It always amazes me the sheer number of theists that wander around all their lives oblivious to the fact that there are those of us that do not believe in gods. During the holidays this becomes especially noticeable. The question of where, when, how, or even IF a person should show their disbelief in gods is one which I find very important even apart from the issue of holidays and ritual celebrations. Most of the time, a person can go about daily life without feeling any particular urge to show their atheism to friends and family – not necessarily out of fear of their reaction, but simply due to the irrelevancy of religion in the day-to-day lives of even many theists.
I find that most believers are wholly indifferent to the fact that you may feel, at the very least, uncomfortable or uninterested in the more religious aspects to the holiday season.
This can lead to various complications. In some families or peer groups, religion can come up regularly – what’s an atheist to do? How does one react to questions about church attendance or weather our political leaders are properly implementing christian values? Such conflicts do not occur for all atheists, but they do occur for some and can make being an atheist uncomfortable.
On the other hand, once the holiday season arrives you may find it amiable to make plans that may potentially bring some aspects of religion back into your daily life, even if briefly. This is why atheists sometimes choose this time of year to show their atheism. Hiding it, whether out of fear or simply out of apathy, is no longer compatible with either honesty or self-respect.
It’s probably not a good idea to just blurt out your atheism to the world as they are sitting down to the holiday meal – this is true regardless of the actual context, but it is especially true if we are talking about family gatherings such as meals where your participation, or at the very least tolerance, of prayer may be expected. This is, to be blunt, very poor planning.
If you’re going to tell people who you are an atheist, you should do it before it becomes a crisis and, if possible, without giving the impression that you’re simply rebelling to undermine religious unity. Remember that, for many people, religion isn’t simply about belief in gods – instead, it’s about social unity. Religion can form a social and psychological bond – thus you, by rejecting religion, may also seem to be rejecting that bond of unity. It doesn’t matter if that isn’t your intention, because that is what the effect will seem to be. People may not even be entirely conscious of this, but YOU should because you can help reduce such concerns by being ready to discuss them.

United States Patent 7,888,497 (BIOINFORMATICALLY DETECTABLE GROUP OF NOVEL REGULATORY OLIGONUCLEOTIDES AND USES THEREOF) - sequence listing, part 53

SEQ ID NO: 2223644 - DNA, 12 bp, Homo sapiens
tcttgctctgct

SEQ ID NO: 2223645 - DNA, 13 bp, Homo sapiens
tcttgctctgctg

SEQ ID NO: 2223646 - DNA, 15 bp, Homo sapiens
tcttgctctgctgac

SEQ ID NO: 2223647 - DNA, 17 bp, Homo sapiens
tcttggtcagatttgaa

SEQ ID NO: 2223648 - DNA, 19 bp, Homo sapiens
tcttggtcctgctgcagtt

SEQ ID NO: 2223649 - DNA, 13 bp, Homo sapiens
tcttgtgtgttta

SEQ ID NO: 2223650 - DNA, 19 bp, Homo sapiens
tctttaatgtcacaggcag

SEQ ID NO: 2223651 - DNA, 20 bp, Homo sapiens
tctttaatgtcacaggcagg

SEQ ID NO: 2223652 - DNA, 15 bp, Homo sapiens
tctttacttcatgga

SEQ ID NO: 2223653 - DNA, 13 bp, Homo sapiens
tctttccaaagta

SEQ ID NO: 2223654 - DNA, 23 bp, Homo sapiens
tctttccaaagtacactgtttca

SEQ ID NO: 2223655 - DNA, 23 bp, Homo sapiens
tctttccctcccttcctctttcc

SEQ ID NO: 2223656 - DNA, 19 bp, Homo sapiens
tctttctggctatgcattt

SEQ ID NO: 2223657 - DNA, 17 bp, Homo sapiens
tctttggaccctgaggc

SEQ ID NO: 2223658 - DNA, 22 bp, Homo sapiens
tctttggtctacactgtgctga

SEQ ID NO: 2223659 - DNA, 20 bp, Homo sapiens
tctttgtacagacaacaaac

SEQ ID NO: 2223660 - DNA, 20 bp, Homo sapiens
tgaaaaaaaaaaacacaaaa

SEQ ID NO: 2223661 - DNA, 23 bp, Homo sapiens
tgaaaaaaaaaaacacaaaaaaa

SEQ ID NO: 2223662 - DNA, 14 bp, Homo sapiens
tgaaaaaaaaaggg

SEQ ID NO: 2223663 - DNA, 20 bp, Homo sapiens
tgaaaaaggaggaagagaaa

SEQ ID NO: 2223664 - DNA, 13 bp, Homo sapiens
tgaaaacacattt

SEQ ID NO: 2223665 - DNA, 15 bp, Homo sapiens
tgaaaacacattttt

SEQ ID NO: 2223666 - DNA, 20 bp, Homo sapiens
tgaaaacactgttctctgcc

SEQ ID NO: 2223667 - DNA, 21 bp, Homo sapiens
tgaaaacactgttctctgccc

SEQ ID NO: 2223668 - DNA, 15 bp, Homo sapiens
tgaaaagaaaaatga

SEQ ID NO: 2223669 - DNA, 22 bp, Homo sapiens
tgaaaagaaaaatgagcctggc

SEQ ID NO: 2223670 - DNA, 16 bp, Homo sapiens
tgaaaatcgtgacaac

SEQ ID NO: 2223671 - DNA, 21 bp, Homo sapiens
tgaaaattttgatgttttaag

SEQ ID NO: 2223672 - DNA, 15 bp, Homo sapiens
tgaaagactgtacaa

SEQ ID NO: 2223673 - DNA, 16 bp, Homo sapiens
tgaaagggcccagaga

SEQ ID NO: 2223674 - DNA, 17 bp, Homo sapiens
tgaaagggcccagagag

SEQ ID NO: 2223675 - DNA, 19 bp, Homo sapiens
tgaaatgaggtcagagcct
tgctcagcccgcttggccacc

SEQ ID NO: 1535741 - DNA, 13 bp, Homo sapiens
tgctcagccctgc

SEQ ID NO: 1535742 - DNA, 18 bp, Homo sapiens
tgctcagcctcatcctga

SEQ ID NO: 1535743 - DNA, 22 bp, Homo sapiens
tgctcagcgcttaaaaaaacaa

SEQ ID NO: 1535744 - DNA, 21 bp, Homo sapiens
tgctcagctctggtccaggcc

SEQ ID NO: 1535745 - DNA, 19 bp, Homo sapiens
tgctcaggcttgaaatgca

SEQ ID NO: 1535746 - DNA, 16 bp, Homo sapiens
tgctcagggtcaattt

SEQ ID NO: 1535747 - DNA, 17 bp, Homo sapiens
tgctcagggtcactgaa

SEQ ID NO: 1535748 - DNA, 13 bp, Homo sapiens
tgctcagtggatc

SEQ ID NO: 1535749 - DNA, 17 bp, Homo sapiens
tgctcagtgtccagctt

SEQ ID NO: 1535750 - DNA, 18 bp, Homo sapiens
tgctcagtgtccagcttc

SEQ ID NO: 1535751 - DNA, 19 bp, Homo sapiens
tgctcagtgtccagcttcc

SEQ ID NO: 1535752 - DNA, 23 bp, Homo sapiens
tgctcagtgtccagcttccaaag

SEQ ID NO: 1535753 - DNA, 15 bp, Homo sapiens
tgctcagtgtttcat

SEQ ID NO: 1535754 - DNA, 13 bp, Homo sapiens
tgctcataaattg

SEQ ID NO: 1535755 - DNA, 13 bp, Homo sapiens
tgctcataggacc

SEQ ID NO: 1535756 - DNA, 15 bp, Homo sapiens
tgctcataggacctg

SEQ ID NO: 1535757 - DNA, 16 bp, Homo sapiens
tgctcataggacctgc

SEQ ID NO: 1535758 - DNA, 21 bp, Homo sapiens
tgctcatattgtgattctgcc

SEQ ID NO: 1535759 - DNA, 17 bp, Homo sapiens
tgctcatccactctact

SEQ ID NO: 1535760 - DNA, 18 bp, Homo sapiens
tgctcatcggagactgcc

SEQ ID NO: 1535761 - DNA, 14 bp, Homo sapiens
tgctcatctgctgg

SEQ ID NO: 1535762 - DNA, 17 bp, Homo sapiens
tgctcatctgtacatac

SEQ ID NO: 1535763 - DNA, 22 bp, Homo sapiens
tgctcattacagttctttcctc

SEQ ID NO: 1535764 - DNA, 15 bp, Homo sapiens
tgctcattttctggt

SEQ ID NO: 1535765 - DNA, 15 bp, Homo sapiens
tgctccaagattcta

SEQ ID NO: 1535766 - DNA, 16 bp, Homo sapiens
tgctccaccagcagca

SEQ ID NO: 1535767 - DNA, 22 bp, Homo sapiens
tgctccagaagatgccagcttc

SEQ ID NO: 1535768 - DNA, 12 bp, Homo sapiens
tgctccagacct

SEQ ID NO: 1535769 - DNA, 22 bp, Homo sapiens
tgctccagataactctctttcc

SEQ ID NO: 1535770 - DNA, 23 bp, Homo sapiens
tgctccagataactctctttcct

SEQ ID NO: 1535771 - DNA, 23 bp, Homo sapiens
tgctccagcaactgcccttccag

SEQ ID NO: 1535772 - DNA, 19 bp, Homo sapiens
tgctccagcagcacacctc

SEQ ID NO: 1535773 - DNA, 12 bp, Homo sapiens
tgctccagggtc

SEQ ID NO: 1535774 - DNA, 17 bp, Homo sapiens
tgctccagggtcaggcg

Holidays are really the last time you should want to get involved in squabbles over belief in gods. Thus, it would probably be better to start at least hinting at your atheism well before the holidays arrive. The less of a surprise it is, the less dramatic will be the reactions.
You’ll have to ask yourself whether this holiday revelation is because you’re simply trying to prove something, or if you really are doing this to explain to people who you are. The former isn’t a very good motive and will likely cause you to experience more problems than are necessary.
You’ll have to pick the right time (preferably when people are already calm and relaxed) to let people know that while their religion no longer holds any meaning for you, the principle of family traditions certainly do. If you show respect for others, you’ll be in a better place to expect respect back from them.
It is probably wisest to be as calm and nonchalant about the matter as you possibly can. Your calmness will hopefully have a calming effect on the others, and if you don’t make a big deal out of it, hopefully the others will be less likely to do so as well.